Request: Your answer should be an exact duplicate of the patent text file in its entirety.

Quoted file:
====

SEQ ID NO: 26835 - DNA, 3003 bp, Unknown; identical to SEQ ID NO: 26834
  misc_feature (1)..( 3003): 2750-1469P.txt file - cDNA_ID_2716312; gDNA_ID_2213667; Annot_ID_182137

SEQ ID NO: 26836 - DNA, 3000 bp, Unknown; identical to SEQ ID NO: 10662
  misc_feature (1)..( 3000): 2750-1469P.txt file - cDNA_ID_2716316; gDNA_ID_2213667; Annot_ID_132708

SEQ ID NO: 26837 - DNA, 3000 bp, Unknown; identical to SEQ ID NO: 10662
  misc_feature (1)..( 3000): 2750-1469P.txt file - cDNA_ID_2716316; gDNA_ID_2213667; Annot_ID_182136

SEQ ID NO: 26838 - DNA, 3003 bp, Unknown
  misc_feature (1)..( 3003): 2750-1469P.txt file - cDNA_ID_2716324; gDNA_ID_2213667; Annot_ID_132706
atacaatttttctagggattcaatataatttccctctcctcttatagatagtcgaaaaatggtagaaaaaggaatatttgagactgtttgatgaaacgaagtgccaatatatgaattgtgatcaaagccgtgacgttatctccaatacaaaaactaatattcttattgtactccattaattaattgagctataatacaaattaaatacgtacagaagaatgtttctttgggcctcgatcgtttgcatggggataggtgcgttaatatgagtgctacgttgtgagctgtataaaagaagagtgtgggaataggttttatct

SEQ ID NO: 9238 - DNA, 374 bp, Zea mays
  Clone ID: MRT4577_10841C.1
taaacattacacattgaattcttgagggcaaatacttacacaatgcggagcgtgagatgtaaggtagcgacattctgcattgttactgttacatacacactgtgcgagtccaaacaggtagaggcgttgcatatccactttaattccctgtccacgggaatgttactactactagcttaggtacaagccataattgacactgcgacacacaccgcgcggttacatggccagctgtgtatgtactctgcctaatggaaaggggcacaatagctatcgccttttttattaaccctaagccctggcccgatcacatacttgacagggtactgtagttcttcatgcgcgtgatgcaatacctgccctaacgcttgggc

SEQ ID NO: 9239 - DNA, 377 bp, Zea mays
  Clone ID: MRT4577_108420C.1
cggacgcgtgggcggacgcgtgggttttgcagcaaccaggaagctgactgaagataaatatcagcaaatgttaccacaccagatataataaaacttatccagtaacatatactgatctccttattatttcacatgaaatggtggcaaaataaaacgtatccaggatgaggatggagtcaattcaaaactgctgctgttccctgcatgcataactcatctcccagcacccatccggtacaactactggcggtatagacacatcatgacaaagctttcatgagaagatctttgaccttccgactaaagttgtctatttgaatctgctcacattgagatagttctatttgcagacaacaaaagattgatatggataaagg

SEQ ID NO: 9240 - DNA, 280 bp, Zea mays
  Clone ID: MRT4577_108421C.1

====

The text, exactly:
SEQ ID NO: 26835 - DNA, 3003 bp, Unknown; identical to SEQ ID NO: 26834
  misc_feature (1)..( 3003): 2750-1469P.txt file - cDNA_ID_2716312; gDNA_ID_2213667; Annot_ID_182137

SEQ ID NO: 26836 - DNA, 3000 bp, Unknown; identical to SEQ ID NO: 10662
  misc_feature (1)..( 3000): 2750-1469P.txt file - cDNA_ID_2716316; gDNA_ID_2213667; Annot_ID_132708

SEQ ID NO: 26837 - DNA, 3000 bp, Unknown; identical to SEQ ID NO: 10662
  misc_feature (1)..( 3000): 2750-1469P.txt file - cDNA_ID_2716316; gDNA_ID_2213667; Annot_ID_182136

SEQ ID NO: 26838 - DNA, 3003 bp, Unknown
  misc_feature (1)..( 3003): 2750-1469P.txt file - cDNA_ID_2716324; gDNA_ID_2213667; Annot_ID_132706
atacaatttttctagggattcaatataatttccctctcctcttatagatagtcgaaaaatggtagaaaaaggaatatttgagactgtttgatgaaacgaagtgccaatatatgaattgtgatcaaagccgtgacgttatctccaatacaaaaactaatattcttattgtactccattaattaattgagctataatacaaattaaatacgtacagaagaatgtttctttgggcctcgatcgtttgcatggggataggtgcgttaatatgagtgctacgttgtgagctgtataaaagaagagtgtgggaataggttttatct

SEQ ID NO: 9238 - DNA, 374 bp, Zea mays
  Clone ID: MRT4577_10841C.1
taaacattacacattgaattcttgagggcaaatacttacacaatgcggagcgtgagatgtaaggtagcgacattctgcattgttactgttacatacacactgtgcgagtccaaacaggtagaggcgttgcatatccactttaattccctgtccacgggaatgttactactactagcttaggtacaagccataattgacactgcgacacacaccgcgcggttacatggccagctgtgtatgtactctgcctaatggaaaggggcacaatagctatcgccttttttattaaccctaagccctggcccgatcacatacttgacagggtactgtagttcttcatgcgcgtgatgcaatacctgccctaacgcttgggc

SEQ ID NO: 9239 - DNA, 377 bp, Zea mays
  Clone ID: MRT4577_108420C.1
cggacgcgtgggcggacgcgtgggttttgcagcaaccaggaagctgactgaagataaatatcagcaaatgttaccacaccagatataataaaacttatccagtaacatatactgatctccttattatttcacatgaaatggtggcaaaataaaacgtatccaggatgaggatggagtcaattcaaaactgctgctgttccctgcatgcataactcatctcccagcacccatccggtacaactactggcggtatagacacatcatgacaaagctttcatgagaagatctttgaccttccgactaaagttgtctatttgaatctgctcacattgagatagttctatttgcagacaacaaaagattgatatggataaagg

SEQ ID NO: 9240 - DNA, 280 bp, Zea mays
  Clone ID: MRT4577_108421C.1